Please use this identifier to cite or link to this item: http://ahro.austin.org.au/austinjspui/handle/1/16444
Title: Targeted individual prophylaxis offers superior risk stratification for cytomegalovirus reactivation after liver transplantation
Authors: Sood, Siddharth;Haifer, Craig;Yu, Lijia;Pavlovic, Julie;Gow, Paul J;Jones, Robert M;Visvanathan, Kumar;Angus, Peter W;Testro, Adam G
Issue Date: Dec-2015
EDate: 2011-11-05
Citation: Liver Transplantation 2015; 21(12): 1478-1485
Abstract: Cytomegalovirus (CMV) can reactivate following liver transplantation. Management of patients currently considered low risk based on pretransplant serology remains contentious, with universal prophylaxis and preemptive strategies suffering from significant deficiencies. We hypothesized that a CMV-specific T cell assay performed early after transplant as part of a preemptive strategy could better stratify "low-risk" (recipient seropositive) patients. We conducted a prospective, blinded, observational study in 75 adult recipients. QuantiFERON-cytomegalovirus was performed both before and at multiple times after transplant. Low-risk patients (n = 58) were monitored as per unit protocol and treatment was commenced if CMV > 1000 copies/mL (DNAemia). Twenty patients needed antiviral treatment for other reasons and were censored (mainly for rejection or herpes simplex virus infection); 19/38 (50%) of the remaining low-risk patients developed DNAemia at mean 34.6 days after transplant. A week 2 result of <0.1 IU/mL was significantly associated with risk of subsequent DNAemia (hazard ratio [HR], 6.9; P = 0.002). The positive predictive value of 80% suggests these patients are inappropriately labeled low risk and are actually at high likelihood of CMV reactivation. A secondary cutoff of <0.2 IU/mL was associated with moderate risk (HR, 2.8; P = 0.01). In conclusion, a protocol based on a single early CMV-specific T cell based assay would offer improved risk stratification and individualization of patient management after transplant. This could offer improved drug and service utilization and potentially result in significant improvements over both currently used protocols to manage supposedly low-risk patients.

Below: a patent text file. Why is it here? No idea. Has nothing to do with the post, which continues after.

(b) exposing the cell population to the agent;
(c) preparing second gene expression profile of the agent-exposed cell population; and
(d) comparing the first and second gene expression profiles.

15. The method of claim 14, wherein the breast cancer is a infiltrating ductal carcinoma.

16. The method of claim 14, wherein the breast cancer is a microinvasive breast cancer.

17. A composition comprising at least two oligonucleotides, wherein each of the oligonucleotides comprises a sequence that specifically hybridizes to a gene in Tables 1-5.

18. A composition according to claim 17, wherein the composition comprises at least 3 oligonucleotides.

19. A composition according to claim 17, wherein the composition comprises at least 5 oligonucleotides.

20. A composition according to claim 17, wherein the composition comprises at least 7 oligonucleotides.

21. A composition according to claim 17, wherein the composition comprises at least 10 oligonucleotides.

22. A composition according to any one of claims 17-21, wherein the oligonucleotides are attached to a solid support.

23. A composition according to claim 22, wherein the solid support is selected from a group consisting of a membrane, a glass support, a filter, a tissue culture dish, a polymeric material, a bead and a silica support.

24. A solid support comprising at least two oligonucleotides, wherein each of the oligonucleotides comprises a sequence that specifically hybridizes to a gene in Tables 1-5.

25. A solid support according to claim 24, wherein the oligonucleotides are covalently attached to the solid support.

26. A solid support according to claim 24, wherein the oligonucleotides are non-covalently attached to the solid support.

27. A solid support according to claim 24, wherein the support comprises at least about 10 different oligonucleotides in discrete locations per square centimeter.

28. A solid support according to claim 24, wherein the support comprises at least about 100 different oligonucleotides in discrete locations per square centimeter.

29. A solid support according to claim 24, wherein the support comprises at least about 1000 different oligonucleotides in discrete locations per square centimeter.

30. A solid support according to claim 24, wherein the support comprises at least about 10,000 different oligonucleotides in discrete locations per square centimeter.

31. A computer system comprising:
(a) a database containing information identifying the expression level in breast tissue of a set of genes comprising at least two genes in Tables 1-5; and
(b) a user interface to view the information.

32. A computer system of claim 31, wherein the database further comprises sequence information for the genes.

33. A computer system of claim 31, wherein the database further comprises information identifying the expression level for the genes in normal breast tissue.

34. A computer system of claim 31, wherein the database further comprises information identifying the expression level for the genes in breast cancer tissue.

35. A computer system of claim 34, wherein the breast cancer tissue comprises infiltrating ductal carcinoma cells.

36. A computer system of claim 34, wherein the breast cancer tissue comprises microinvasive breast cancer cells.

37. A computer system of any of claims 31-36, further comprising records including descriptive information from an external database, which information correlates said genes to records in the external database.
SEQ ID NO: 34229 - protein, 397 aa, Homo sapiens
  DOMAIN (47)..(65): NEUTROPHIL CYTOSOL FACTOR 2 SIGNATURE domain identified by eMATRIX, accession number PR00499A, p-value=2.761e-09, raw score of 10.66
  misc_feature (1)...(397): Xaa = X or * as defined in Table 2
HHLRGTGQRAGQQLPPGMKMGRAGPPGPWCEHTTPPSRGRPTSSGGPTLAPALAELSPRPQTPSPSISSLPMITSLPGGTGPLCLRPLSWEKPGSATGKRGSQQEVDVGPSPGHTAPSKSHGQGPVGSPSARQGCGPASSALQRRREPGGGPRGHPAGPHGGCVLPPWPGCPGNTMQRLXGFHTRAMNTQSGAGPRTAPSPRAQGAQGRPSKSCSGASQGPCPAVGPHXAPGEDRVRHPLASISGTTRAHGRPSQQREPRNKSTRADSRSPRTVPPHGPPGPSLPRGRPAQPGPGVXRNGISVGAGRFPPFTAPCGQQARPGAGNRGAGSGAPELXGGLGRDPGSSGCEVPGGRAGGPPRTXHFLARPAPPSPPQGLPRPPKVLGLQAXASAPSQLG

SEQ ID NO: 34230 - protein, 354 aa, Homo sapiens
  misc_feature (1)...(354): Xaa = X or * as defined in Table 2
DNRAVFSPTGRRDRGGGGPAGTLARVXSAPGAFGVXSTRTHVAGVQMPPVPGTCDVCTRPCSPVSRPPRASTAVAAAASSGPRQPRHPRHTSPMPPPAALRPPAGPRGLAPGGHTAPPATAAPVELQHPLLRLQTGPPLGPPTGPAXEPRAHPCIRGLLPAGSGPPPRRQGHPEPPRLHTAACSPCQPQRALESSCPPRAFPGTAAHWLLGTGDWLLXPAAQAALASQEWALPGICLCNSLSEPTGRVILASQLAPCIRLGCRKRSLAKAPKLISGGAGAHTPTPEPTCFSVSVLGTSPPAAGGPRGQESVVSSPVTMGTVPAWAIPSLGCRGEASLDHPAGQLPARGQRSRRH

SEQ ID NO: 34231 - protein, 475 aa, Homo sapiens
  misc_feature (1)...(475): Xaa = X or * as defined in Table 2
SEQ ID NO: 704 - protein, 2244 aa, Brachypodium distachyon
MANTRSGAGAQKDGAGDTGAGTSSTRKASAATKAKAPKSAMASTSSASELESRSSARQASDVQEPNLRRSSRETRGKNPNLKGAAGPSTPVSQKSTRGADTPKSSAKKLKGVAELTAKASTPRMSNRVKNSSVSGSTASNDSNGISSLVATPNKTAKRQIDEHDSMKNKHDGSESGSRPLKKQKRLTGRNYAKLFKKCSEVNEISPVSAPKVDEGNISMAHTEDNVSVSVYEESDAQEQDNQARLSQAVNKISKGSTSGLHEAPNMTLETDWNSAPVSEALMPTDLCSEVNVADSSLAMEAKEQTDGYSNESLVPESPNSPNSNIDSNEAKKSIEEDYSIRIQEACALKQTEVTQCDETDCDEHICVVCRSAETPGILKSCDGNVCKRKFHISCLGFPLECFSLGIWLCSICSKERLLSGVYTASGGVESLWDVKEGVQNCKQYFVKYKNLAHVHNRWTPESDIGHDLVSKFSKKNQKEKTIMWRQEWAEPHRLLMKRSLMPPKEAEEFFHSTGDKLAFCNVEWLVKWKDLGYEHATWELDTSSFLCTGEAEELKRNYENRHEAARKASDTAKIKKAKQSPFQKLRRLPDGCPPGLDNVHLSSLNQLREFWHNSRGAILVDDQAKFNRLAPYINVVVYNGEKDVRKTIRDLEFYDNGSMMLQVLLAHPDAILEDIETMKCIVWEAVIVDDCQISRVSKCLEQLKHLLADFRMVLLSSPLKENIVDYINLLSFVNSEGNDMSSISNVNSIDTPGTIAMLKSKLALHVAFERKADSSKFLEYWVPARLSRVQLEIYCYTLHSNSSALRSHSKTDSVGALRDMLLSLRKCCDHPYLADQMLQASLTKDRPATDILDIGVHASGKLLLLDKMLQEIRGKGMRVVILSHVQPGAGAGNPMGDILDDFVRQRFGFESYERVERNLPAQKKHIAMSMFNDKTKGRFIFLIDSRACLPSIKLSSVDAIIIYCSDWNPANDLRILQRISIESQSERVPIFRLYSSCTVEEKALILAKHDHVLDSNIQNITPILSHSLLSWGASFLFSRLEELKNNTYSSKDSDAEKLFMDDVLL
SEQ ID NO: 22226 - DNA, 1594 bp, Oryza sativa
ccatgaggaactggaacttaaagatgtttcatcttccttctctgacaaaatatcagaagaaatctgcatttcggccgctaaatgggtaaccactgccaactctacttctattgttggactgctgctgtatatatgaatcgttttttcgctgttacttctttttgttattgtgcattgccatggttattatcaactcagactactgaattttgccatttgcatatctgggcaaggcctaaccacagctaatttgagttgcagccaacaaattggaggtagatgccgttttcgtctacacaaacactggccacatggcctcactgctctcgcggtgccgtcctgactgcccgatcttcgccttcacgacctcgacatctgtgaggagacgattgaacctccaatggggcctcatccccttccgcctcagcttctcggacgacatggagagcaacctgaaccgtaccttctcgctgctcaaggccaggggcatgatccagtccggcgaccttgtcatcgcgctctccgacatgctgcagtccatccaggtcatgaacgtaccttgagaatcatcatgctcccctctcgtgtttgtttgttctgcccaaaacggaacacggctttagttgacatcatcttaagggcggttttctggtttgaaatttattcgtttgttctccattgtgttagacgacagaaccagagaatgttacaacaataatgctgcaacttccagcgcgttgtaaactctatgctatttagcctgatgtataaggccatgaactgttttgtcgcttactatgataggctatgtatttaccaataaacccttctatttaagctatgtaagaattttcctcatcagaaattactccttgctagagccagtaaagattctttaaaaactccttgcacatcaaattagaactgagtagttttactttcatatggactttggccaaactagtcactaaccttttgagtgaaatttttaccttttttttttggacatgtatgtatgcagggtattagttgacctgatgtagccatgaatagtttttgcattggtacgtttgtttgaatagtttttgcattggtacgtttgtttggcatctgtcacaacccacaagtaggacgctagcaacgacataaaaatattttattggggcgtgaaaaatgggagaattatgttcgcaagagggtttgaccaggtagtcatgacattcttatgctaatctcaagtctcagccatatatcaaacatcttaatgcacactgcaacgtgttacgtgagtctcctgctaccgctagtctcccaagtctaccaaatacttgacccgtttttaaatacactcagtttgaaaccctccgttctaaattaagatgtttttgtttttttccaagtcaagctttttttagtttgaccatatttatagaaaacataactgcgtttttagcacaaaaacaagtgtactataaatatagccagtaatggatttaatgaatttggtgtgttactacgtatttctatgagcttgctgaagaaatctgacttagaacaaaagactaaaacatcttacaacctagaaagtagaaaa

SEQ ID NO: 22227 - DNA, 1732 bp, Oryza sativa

URI: http://ahro.austin.org.au/austinjspui/handle/1/16444
DOI: 10.1002/lt.24216
PubMed URL: https://www.ncbi.nlm.nih.gov/pubmed/26194446
Type: Journal Article
Subjects: Cytomegalovirus Infections
Liver Transplantation
Postoperative Complications
Appears in Collections:Journal articles

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